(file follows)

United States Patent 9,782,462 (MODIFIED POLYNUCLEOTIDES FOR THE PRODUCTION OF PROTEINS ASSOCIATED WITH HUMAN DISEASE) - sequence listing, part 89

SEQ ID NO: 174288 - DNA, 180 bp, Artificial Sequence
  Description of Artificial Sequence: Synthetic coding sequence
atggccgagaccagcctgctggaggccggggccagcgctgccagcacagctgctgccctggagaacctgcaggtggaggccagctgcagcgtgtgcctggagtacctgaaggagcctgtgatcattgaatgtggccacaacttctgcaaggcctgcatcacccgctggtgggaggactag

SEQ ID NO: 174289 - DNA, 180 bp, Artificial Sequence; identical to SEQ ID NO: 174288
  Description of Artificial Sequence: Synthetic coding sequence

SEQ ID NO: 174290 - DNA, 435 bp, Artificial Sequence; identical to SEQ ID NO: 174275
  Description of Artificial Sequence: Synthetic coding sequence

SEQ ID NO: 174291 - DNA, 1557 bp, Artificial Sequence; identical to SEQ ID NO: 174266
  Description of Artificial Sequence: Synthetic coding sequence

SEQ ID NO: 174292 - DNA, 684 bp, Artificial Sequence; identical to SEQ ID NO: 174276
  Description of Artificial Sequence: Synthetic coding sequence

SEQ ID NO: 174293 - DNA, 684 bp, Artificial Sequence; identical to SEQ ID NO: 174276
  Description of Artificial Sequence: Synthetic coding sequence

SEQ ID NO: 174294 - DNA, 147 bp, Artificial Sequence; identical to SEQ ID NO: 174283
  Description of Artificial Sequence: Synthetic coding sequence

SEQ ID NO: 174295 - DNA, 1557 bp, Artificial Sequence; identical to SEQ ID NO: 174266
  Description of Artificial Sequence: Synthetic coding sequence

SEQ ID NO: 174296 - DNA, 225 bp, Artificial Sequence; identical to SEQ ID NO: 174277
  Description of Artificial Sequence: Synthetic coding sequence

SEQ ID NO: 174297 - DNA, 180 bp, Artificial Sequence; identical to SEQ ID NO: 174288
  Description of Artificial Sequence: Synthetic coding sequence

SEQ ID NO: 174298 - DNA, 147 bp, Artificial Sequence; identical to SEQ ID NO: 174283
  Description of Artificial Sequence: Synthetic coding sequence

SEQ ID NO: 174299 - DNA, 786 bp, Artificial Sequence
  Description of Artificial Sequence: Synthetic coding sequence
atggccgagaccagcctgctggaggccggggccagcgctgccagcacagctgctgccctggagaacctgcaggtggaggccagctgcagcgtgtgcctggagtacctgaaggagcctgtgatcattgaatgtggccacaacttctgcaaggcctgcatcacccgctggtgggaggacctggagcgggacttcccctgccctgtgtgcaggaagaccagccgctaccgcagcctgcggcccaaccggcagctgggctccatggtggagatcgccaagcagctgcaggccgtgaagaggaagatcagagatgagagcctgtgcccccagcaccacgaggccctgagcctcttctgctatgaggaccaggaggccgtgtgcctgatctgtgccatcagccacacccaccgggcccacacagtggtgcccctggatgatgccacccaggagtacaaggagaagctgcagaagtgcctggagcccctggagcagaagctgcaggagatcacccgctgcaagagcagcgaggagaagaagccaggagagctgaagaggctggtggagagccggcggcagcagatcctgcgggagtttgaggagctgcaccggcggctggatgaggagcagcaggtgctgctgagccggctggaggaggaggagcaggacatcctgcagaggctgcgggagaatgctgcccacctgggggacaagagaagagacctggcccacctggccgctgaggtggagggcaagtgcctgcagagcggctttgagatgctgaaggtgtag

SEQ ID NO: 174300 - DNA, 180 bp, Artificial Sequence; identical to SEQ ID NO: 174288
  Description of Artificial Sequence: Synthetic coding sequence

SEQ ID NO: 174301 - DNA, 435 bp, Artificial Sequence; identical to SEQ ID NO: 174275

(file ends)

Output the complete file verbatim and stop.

United States Patent 9,782,462 (MODIFIED POLYNUCLEOTIDES FOR THE PRODUCTION OF PROTEINS ASSOCIATED WITH HUMAN DISEASE) - sequence listing, part 89

SEQ ID NO: 174288 - DNA, 180 bp, Artificial Sequence
  Description of Artificial Sequence: Synthetic coding sequence
atggccgagaccagcctgctggaggccggggccagcgctgccagcacagctgctgccctggagaacctgcaggtggaggccagctgcagcgtgtgcctggagtacctgaaggagcctgtgatcattgaatgtggccacaacttctgcaaggcctgcatcacccgctggtgggaggactag

SEQ ID NO: 174289 - DNA, 180 bp, Artificial Sequence; identical to SEQ ID NO: 174288
  Description of Artificial Sequence: Synthetic coding sequence

SEQ ID NO: 174290 - DNA, 435 bp, Artificial Sequence; identical to SEQ ID NO: 174275
  Description of Artificial Sequence: Synthetic coding sequence

SEQ ID NO: 174291 - DNA, 1557 bp, Artificial Sequence; identical to SEQ ID NO: 174266
  Description of Artificial Sequence: Synthetic coding sequence

SEQ ID NO: 174292 - DNA, 684 bp, Artificial Sequence; identical to SEQ ID NO: 174276
  Description of Artificial Sequence: Synthetic coding sequence

SEQ ID NO: 174293 - DNA, 684 bp, Artificial Sequence; identical to SEQ ID NO: 174276
  Description of Artificial Sequence: Synthetic coding sequence

SEQ ID NO: 174294 - DNA, 147 bp, Artificial Sequence; identical to SEQ ID NO: 174283
  Description of Artificial Sequence: Synthetic coding sequence

SEQ ID NO: 174295 - DNA, 1557 bp, Artificial Sequence; identical to SEQ ID NO: 174266
  Description of Artificial Sequence: Synthetic coding sequence

SEQ ID NO: 174296 - DNA, 225 bp, Artificial Sequence; identical to SEQ ID NO: 174277
  Description of Artificial Sequence: Synthetic coding sequence

SEQ ID NO: 174297 - DNA, 180 bp, Artificial Sequence; identical to SEQ ID NO: 174288
  Description of Artificial Sequence: Synthetic coding sequence

SEQ ID NO: 174298 - DNA, 147 bp, Artificial Sequence; identical to SEQ ID NO: 174283
  Description of Artificial Sequence: Synthetic coding sequence

SEQ ID NO: 174299 - DNA, 786 bp, Artificial Sequence
  Description of Artificial Sequence: Synthetic coding sequence
atggccgagaccagcctgctggaggccggggccagcgctgccagcacagctgctgccctggagaacctgcaggtggaggccagctgcagcgtgtgcctggagtacctgaaggagcctgtgatcattgaatgtggccacaacttctgcaaggcctgcatcacccgctggtgggaggacctggagcgggacttcccctgccctgtgtgcaggaagaccagccgctaccgcagcctgcggcccaaccggcagctgggctccatggtggagatcgccaagcagctgcaggccgtgaagaggaagatcagagatgagagcctgtgcccccagcaccacgaggccctgagcctcttctgctatgaggaccaggaggccgtgtgcctgatctgtgccatcagccacacccaccgggcccacacagtggtgcccctggatgatgccacccaggagtacaaggagaagctgcagaagtgcctggagcccctggagcagaagctgcaggagatcacccgctgcaagagcagcgaggagaagaagccaggagagctgaagaggctggtggagagccggcggcagcagatcctgcgggagtttgaggagctgcaccggcggctggatgaggagcagcaggtgctgctgagccggctggaggaggaggagcaggacatcctgcagaggctgcgggagaatgctgcccacctgggggacaagagaagagacctggcccacctggccgctgaggtggagggcaagtgcctgcagagcggctttgagatgctgaaggtgtag

SEQ ID NO: 174300 - DNA, 180 bp, Artificial Sequence; identical to SEQ ID NO: 174288
  Description of Artificial Sequence: Synthetic coding sequence

SEQ ID NO: 174301 - DNA, 435 bp, Artificial Sequence; identical to SEQ ID NO: 174275